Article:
By Arthur M. Eckstein
This quantity examines the interval from Rome’s earliest involvement within the jap Mediterranean to the institution of Roman geopolitical dominance over all of the Greek states from the Adriatic Sea to Syria by means of the 180s BC. Applies sleek political concept to historical Mediterranean heritage, taking a Realist method of its research of Roman involvement within the Greek Mediterranean specializes in the cruel nature of interactions between states below stipulations of anarchy whereas reading the behavior of either Rome and Greek states in the course of the interval, and specializes in what the recommendations of contemporary political technological know-how can let us know approximately historic diplomacy contains specified dialogue of the quandary that convulsed the Greek international within the final decade of the 3rd century BC presents a balanced portrait of Roman militarism and imperialism within the Hellenistic global
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Additional resources for Rome Enters the Greek East: From Anarchy to Hierarchy in the Hellenistic Mediterranean, 230-170 BC
Cf. Badian 1964a: 4–5; Marasco 1986: 94– 6. 38 This is true whether the complaining victims of Illyrian violence were Italian and Italiote merchants, or (less likely, see above) the Greek city-state of Issa. 39 Discussion in Eckstein 2006: Chs. 3, 5, and 7. 40 Similarly, Corcyra and Epidamnus, when threatened by the Ardiaei in 229, appealed to the Aetolian League and the Achaean League for aid – and were answered in the affirmative (though the help ultimately failed) – in a totally Greek context.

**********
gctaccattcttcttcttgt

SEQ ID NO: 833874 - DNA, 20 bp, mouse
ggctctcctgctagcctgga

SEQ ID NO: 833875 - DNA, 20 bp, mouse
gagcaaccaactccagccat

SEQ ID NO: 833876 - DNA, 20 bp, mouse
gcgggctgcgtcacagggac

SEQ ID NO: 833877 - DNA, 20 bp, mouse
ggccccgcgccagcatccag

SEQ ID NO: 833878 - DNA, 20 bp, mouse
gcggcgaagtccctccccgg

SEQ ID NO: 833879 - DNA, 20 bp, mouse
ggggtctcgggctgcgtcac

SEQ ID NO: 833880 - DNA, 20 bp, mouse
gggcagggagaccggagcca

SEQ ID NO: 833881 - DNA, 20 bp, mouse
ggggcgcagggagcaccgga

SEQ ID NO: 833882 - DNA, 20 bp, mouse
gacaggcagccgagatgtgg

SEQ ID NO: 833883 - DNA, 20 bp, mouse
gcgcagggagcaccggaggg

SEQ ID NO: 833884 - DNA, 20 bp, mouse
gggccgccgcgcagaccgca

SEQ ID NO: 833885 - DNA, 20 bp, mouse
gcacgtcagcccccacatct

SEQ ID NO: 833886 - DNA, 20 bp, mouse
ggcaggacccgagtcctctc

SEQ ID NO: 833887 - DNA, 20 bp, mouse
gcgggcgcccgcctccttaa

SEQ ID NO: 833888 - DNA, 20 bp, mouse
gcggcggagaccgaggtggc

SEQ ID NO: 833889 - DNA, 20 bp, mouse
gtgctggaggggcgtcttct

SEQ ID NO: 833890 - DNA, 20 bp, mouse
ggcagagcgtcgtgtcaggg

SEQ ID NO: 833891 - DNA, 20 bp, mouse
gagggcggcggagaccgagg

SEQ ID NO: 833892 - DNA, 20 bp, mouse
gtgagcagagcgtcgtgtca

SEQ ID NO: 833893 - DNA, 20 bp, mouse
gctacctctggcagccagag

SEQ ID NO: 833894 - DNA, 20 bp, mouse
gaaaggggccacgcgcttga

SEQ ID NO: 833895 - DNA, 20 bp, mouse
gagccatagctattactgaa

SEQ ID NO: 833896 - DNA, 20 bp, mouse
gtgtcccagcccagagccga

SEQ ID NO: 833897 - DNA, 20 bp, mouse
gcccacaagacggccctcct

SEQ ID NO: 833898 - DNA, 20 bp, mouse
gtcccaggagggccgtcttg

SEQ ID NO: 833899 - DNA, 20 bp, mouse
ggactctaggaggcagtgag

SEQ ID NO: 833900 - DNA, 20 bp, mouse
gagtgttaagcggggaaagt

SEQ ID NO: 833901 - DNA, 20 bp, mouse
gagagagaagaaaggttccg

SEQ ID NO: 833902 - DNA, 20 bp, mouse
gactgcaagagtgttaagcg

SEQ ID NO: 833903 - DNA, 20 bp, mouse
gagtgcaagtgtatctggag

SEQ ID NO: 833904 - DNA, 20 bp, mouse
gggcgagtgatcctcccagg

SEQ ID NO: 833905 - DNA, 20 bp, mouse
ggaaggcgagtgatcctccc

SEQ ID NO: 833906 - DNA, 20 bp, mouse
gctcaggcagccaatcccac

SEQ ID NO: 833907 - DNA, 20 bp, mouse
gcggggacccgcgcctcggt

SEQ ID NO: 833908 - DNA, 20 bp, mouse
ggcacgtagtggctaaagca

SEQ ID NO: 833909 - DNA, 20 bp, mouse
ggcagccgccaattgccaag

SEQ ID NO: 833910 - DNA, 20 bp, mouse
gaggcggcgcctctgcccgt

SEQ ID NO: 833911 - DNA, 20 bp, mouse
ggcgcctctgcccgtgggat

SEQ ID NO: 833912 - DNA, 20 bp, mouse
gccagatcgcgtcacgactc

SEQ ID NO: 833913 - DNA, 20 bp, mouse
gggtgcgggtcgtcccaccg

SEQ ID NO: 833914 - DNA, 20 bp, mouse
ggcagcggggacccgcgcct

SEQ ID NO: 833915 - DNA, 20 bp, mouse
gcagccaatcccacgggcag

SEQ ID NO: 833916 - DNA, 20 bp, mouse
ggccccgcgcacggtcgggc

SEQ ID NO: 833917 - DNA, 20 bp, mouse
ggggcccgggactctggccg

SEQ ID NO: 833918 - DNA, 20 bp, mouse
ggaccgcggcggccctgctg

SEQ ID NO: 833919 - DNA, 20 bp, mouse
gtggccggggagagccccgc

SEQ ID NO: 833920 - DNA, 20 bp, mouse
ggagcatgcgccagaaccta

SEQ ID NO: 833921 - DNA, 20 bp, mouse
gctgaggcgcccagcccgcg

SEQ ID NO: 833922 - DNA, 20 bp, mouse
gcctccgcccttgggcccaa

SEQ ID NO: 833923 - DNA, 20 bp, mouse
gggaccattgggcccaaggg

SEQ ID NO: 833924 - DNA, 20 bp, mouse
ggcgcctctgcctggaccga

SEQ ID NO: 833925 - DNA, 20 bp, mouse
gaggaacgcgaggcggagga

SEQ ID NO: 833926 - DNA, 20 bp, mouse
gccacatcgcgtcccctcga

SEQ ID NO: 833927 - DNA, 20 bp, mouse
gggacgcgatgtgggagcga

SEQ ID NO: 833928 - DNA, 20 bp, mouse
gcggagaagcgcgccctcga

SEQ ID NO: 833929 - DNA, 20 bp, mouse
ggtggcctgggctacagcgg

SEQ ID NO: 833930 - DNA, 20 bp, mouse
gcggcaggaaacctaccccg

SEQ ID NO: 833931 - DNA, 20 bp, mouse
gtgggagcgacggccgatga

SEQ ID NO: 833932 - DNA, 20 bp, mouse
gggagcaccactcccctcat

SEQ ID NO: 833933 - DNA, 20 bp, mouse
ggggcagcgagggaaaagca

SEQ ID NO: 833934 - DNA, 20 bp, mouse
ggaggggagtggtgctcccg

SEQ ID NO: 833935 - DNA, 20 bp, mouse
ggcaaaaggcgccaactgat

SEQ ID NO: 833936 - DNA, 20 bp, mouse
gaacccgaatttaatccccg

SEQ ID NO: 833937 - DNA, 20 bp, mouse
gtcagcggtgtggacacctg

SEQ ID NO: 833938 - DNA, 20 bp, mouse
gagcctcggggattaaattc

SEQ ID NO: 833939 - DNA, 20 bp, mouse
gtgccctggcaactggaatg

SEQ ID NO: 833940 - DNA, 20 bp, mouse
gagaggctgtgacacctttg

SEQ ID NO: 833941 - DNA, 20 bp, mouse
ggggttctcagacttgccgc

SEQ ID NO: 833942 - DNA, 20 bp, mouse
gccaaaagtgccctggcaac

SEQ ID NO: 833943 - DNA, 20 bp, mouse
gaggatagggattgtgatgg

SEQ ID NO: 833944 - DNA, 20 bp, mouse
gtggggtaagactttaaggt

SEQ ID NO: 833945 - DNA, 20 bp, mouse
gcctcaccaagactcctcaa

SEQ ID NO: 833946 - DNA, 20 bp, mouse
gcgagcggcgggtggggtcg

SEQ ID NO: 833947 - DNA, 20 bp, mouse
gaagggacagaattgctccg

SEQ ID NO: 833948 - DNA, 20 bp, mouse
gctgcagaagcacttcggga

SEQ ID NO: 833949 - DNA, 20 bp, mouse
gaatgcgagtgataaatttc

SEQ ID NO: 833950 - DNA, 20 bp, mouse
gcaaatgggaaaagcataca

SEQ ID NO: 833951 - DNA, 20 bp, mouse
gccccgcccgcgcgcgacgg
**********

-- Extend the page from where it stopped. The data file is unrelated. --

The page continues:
Qxd 30/01/2008 11:03 AM Page 30 30 rome in contact with the greek east, 230‒205 bc at the behest of the Greek city of Tarentum in 280–275 bc – an invasion which lasted years, and which Rome defeated only after sustaining massive losses. 2 That was the situation as it stood ca. 230 bc. This chapter argues that the Roman military expeditions to the northwest coast of Greece in 229 bc and again in 219 bc – the first Roman interventions in the Greek East – had consequences that were themselves minimal.
6; Cabanes 1976: 201; most recently Scholten 2000: 151 and n. 81. 49 Polyb. 2. 3–13; App. Ill. 7; Dio frg. 45 = Zon. 19. 50 Emphasized esp. by Badian 1964a: 3–5. 51 On the habit of “compellence diplomacy” in the Hellenistic Mediterranean and its contribution to an overall atmosphere of distrust and coercion among states, see above, Chapter 1; cf. Eckstein 2006: Ch. 3. 52 See Eckstein 2006: Chs. 3, 4, and 5, for multiple examples. The basic discussion (focused on incidents among the Greeks): Grant 1965.